While Google’s USP is in getting users to the right place ASAP, Facebook targets people who like spending leisure/surplus time on the internet. Even the adverts on Google are as subtle as they can be, perhaps for the same reason.

    Also, in terms of the scale and dynamics of operations, Google started as a search engine, but rapidly spread its wings into just about everything on the internet. You would agree that what we see on the internet(viz. the search engine, YouTube, android, earth, etc) is just the tip of the iceberg when we consider their depth of operations in research, hardware, cloud, satellites etc. This is one strength which I think is really difficult for Facebook to compete with if at all they continue to use just one website to rest their future upon.

    Continual innovation in terms of both technology as well as business models is another virtue that Google kept portraying with impeccable excellence. I am yet to see that kind of movement in Facebook even starting to start. That said, I absolutely agree that Facebook is way ahead of anyone else in the web 2.0 movement and Google with its multiple tries has always failed to compete with them in their arena.

    Overall, in my opinion Google has created a strong foundation of a long haul success model and is displaying immaculate ability to milk it. However, Facebook is indeed gaining momentum that no other website has ever achieved. While it is not possible to anticipate how this game between two companies will shape up, I feel this is a more battle of wider business models than individual capabilities.

    Thanks a million for lightening this spark of thoughts sir…

    Best Regards,

    Comment by Pankaj Joshi — October 21, 2010 @ 9:51 pm | Reply

  2. I think Goldman’s valuation is grossly flawed – ridden with the same false predictive assumptions that Vinod Khosla gave you a heads up on! The Sachs traders are incented to hype securities and sectors in which they take positions, so take it with a grain of salt. They have misled people many times before, and there is no reason to believe that their psychology or intent has changed.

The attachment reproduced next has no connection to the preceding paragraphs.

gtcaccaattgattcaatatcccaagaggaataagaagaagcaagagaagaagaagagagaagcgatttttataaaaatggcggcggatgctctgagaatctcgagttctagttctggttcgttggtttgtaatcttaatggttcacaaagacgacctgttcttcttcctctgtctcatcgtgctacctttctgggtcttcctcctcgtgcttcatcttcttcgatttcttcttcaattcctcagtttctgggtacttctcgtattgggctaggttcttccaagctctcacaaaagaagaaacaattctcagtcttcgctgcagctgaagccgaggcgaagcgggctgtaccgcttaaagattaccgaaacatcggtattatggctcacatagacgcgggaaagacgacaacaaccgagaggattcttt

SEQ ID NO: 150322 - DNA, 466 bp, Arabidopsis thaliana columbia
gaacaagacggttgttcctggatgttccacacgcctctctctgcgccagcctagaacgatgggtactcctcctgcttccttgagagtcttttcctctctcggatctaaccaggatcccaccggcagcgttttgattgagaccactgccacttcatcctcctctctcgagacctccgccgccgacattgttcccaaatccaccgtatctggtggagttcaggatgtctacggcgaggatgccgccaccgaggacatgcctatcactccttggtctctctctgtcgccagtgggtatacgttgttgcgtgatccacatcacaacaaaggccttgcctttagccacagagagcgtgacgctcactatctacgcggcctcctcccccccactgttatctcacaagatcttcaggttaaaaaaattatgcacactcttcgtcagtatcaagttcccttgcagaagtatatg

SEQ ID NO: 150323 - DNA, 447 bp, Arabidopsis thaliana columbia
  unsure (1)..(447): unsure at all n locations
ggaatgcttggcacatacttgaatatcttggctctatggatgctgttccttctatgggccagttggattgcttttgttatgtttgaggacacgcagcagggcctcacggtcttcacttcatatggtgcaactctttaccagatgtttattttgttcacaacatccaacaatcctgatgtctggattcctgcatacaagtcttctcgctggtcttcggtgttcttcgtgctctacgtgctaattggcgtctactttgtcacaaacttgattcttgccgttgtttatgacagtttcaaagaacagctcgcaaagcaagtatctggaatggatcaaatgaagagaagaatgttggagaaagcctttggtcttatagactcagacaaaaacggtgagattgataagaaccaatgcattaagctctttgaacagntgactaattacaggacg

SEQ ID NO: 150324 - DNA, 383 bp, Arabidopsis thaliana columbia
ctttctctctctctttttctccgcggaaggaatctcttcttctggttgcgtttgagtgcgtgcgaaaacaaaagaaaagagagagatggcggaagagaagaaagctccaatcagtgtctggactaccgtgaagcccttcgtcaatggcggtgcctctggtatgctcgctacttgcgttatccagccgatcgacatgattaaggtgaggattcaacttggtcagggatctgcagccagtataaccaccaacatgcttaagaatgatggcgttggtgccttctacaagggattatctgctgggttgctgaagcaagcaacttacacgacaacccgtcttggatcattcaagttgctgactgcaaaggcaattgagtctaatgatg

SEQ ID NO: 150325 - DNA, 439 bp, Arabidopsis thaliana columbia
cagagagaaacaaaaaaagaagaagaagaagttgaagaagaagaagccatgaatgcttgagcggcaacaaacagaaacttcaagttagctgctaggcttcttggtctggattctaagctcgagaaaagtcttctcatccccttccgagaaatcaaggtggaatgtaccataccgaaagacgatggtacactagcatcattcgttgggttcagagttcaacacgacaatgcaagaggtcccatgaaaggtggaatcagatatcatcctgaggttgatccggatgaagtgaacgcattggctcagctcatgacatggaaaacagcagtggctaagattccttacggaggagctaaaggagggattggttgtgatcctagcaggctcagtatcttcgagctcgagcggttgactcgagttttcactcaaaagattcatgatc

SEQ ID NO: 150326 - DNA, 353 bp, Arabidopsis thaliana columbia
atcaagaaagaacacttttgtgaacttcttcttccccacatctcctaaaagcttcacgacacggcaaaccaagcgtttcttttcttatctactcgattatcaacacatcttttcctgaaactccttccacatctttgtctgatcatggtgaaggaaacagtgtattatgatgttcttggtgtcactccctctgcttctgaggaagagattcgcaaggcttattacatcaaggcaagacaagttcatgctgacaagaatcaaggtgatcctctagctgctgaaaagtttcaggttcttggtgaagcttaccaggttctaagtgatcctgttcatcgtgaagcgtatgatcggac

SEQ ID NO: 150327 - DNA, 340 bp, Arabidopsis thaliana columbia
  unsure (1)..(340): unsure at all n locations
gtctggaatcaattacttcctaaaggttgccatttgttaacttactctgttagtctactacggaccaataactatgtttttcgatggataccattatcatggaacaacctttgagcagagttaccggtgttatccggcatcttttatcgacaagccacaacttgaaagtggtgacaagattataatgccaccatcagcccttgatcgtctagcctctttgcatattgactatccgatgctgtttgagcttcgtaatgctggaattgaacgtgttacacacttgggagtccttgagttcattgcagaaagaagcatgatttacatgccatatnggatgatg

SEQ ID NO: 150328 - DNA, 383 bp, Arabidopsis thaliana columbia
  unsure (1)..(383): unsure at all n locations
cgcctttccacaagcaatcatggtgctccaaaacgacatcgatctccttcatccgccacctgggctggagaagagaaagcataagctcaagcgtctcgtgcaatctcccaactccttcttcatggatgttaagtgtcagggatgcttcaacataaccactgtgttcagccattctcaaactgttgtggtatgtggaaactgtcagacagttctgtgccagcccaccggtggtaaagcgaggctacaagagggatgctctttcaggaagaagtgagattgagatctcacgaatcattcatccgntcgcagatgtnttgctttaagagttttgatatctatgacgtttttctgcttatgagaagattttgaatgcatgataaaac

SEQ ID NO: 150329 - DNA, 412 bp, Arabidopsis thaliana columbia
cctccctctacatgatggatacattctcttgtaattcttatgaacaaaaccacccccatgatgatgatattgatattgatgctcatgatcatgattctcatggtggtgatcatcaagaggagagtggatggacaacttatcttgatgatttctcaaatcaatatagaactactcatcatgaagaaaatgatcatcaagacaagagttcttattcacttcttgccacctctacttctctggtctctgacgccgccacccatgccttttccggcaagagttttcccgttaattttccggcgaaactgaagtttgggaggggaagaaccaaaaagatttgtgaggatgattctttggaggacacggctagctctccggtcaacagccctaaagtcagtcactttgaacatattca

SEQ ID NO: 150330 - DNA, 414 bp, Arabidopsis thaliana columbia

When the ads do not generate the expected revenues or results, the advertisers will quickly move the dollars out. And Google as an engine has many other capabilities that Facebook does not have and cannot provide. Haven’t we learnt that eyeballs (or footfalls for that matter) per se do not translate to revenue or profits?

    Comment by Ram Lakshmanan — January 4, 2011 @ 9:29 pm | Reply

    • I can’t agree with you more. Would you mind to move this comment to my latest blog post as it will be more appropriate there? I also think this is an apt case for the greater fool theory.

      Comment by Subbaraman Iyer — January 5, 2011 @ 2:30 pm | Reply

  3. Great items from you, man. I have bear in mind your stuff prior to
    and you’re just extremely fantastic. I really like what you’ve
    acquired here, certainly like what you are saying and the way by which you are saying it.
    You’re making it entertaining and you continue to take care of to keep it smart. I cant wait to read far more from you. That is really a tremendous site.

    Comment by — March 31, 2013 @ 10:12 am | Reply

RSS feed for comments on this post. TrackBack URI

Leave a Reply

Fill in your details below or click an icon to log in: Logo

You are commenting using your account. Log Out /  Change )

Google photo

You are commenting using your Google account. Log Out /  Change )

Twitter picture

You are commenting using your Twitter account. Log Out /  Change )

Facebook photo

You are commenting using your Facebook account. Log Out /  Change )

Connecting to %s

%d bloggers like this: